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The evolution of the wheelchair

The evolution of the wheelchair

For many of our customers the wheelchair is fundamental part of their everyday life. No longer just a means of transport, the stability and manoeuvrability of the wheelchair means that the less abled members of our community can enjoy an active social life, travel to different and every day places, and most importantly be comfortable.

Today, the wheelchair also plays a significant role in aiding less abled individuals participate in sporting activities, as we saw in the London Marathon a few weeks ago, and we will continue to see in the build up to 2016's Rio Olympics.

Here at Wenman Healthcare we have taken the time to reflect on how this incredible invention came to fruition, and more importantly how the wheelchair has evolved and adapted to meet the needs and requirements of millions of people worldwide.

Confused beginnings

It's not clear when the first wheelchair came into use. Although historians believe that during the 4th century the earliest form of wheelchair would have resembled a simple wooden cart. Although this information may not offer our customers much comfort, it highlights just has far the wheelchair has come since these humble beginnings.

Controversial Names

Our European ancestors had to wait until the 17th century before they had the use of a wheelchair which bared some resemblance to those in use today. These chairs were created in Germany and consisted of two large wheels, and a smaller supportive wheel at the back. Known as the "invalid chair" it had the extra luxury of being propelled along with the use of a rotary handle on the front wheel.

The Bath Chair

1750 saw the invention of the Bath Chair. This chair, named after the town of Bath, became very popular particularly with Victorian Britain. The wealthy, sick and injured would hire the bath chair to take waters at the pump room or to bathe in the baths. This was seen as a great luxury triggering the bath chair to outsell all other chairs throughout the early part of the 19th century. However, these chairs were considered uncomfortable for prolonged use and before long improvements were made, such as wire-spoke wheels and rubber tires, although the mobility of these chairs remained limited to the confines of an indoor environment.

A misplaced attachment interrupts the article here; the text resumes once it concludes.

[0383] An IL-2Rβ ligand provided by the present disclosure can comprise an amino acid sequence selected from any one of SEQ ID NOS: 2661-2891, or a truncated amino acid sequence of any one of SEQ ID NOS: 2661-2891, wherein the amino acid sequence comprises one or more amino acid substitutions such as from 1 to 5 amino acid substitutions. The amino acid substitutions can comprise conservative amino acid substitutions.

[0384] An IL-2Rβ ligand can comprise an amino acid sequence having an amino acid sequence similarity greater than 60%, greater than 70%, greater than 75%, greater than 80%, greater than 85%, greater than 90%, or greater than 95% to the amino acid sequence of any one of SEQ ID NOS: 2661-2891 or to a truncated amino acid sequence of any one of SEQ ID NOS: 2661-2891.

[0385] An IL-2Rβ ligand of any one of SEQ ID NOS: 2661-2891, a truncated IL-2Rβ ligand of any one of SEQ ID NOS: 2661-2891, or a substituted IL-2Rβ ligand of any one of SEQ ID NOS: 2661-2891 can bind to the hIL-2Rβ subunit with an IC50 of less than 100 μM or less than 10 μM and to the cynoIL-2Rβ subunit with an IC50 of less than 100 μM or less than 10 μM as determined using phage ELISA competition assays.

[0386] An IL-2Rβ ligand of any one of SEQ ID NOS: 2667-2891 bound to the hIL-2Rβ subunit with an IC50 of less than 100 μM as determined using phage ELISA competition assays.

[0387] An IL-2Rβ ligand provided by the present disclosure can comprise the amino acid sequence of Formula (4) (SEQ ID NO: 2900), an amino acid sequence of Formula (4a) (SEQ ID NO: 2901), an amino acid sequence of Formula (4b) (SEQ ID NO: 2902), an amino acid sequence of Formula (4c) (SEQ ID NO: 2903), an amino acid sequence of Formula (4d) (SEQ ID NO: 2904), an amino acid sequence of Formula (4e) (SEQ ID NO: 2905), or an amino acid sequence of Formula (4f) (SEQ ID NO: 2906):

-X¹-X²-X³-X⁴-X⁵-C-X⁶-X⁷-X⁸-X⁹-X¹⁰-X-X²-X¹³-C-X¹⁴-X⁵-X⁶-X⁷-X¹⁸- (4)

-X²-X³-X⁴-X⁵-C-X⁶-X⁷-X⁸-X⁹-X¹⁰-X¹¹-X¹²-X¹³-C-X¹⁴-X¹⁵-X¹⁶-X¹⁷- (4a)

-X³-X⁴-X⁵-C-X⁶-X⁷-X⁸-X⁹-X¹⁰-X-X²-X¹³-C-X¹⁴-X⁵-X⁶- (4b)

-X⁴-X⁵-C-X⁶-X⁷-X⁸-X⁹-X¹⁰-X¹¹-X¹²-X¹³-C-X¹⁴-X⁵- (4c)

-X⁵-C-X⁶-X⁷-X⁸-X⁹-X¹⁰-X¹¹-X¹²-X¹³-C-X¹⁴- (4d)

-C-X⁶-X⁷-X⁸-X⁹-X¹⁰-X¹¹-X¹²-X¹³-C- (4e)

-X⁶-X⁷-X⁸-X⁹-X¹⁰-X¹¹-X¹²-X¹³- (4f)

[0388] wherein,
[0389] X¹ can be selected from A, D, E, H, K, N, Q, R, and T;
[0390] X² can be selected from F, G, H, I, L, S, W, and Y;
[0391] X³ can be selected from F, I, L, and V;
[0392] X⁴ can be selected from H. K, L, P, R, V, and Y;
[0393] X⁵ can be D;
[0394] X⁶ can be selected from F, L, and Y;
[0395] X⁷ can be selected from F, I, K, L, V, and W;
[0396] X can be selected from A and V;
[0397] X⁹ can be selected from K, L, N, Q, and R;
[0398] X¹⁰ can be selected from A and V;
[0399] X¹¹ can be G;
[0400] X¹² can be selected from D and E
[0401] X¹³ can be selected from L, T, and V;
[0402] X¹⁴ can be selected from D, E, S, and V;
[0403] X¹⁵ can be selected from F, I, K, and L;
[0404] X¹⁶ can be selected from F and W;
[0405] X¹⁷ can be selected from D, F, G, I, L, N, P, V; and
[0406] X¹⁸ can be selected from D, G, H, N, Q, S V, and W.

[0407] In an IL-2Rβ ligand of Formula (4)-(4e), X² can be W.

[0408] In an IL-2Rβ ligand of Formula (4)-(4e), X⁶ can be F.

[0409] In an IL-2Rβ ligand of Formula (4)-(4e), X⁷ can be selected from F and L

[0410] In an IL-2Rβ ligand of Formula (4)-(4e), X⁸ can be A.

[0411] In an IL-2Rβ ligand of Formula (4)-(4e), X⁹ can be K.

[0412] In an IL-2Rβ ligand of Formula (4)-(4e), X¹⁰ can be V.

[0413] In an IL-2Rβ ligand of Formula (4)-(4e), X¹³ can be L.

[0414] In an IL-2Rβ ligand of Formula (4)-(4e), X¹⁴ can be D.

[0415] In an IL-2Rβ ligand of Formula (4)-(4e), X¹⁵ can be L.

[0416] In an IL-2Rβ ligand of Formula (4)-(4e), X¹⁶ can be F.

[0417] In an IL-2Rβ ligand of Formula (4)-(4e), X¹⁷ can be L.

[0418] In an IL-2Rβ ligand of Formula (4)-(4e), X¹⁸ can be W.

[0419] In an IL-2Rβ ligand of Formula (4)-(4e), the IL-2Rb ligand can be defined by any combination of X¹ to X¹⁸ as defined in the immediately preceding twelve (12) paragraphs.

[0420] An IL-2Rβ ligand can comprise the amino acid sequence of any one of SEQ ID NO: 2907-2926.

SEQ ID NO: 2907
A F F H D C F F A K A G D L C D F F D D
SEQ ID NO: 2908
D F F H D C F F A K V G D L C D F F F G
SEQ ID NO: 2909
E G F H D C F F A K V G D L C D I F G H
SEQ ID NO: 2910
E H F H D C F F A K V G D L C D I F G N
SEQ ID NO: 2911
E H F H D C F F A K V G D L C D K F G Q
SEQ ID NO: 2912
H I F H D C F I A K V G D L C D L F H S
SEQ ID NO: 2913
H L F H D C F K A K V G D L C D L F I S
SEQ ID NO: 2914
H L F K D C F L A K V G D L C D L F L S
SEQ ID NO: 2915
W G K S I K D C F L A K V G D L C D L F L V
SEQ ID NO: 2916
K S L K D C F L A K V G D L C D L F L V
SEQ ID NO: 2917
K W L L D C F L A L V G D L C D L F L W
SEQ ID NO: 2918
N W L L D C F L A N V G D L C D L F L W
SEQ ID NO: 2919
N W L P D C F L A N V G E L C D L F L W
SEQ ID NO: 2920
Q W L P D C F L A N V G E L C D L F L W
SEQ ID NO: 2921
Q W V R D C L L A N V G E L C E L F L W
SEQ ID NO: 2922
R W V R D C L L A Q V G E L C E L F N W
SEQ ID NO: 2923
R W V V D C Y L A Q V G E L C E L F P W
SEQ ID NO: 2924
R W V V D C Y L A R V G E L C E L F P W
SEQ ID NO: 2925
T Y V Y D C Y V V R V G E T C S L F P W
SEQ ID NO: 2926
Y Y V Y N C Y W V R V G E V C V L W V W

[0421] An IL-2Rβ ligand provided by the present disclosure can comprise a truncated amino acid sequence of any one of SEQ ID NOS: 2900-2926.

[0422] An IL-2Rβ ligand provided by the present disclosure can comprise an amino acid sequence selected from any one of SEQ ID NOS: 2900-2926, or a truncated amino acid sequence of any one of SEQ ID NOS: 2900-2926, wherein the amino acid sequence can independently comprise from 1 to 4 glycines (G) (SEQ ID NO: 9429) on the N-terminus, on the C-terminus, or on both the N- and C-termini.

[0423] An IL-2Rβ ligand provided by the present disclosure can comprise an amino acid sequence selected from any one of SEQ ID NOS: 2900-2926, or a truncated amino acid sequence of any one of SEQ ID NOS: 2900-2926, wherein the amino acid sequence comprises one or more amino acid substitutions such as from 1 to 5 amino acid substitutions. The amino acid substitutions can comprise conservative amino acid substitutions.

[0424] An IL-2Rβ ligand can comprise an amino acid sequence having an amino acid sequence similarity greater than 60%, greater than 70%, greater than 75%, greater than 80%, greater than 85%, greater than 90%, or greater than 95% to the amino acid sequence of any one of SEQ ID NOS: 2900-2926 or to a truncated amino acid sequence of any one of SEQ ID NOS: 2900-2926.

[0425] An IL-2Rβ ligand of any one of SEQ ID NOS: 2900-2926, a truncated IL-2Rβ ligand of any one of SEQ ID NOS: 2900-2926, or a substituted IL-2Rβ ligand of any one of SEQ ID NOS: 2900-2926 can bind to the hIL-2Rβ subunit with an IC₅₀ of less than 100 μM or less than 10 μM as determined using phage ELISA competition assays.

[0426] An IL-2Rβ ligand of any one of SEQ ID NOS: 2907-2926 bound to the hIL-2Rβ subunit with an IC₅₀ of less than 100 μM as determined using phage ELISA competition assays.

The folding wheelchair

During the early 19th century wheelchairs were considered to be large and extremely difficult to transport. In 1932 a disabled American mining engineer known as Herbert Everest and his friend an American Engineer known as Harry Jennings introduced the cross-frame wheelchair. Made from tubular-steel this chair allowed disabled individuals to easily transport their wheelchairs outside their homes. This design monopolized the wheelchair market for years, so much so that The Department of Justice charged Everest and Jennings with rigging wheelchair prices. This case was later settled outside of court.

World War II

World War II increased the demand for wheelchairs, and with the invention of the motorcar it made perfect sense to create a motorized chair. Again it was Everest and Jennings who were the first to manufacture the electric chair on mass scale in 1956. The first designs were essentially a standard chair with a motor attached, which later came to be known as conventional power wheelchairs. This design was developed so that the motor and batteries were positioned under the seating of the chair, which allowed for a smoother ride. These designs have been refined to include proportional controllers, microprocessors and other computer technologies, which we see in the powered chairs taking centre stage in our showroom today.

Wheelchairs in Sports

Originally, wheelchair sports were introduced as a form of therapy in the rehab program Stoke Mandeville Hospital in Aylsbury England. They created the Annual World Stoke Mandeville Wheelchair Games - which later became the Paralympic Games, with thefirst event taking place in Rome, Italy in 1960 featuring 400 athletes from 23 different countries.

During this time the wheelchair became lightweight, versatile and stable, enabling its smooth transition into professional sports.

From wheelbarrow to the Paralympics the wheelchair has deservedly reached great heights, now enabling less abled individuals to enjoy everyday life.

Wenman Healthcare is a family run provider of mobility and living aid solutions. We boast a dedicated team of friendly professionals, always available to answer your questions and provide expert advice when it comes to choosing the right products for you. To speak to a member of our team please call the office on 01926 624432 or email[email protected]

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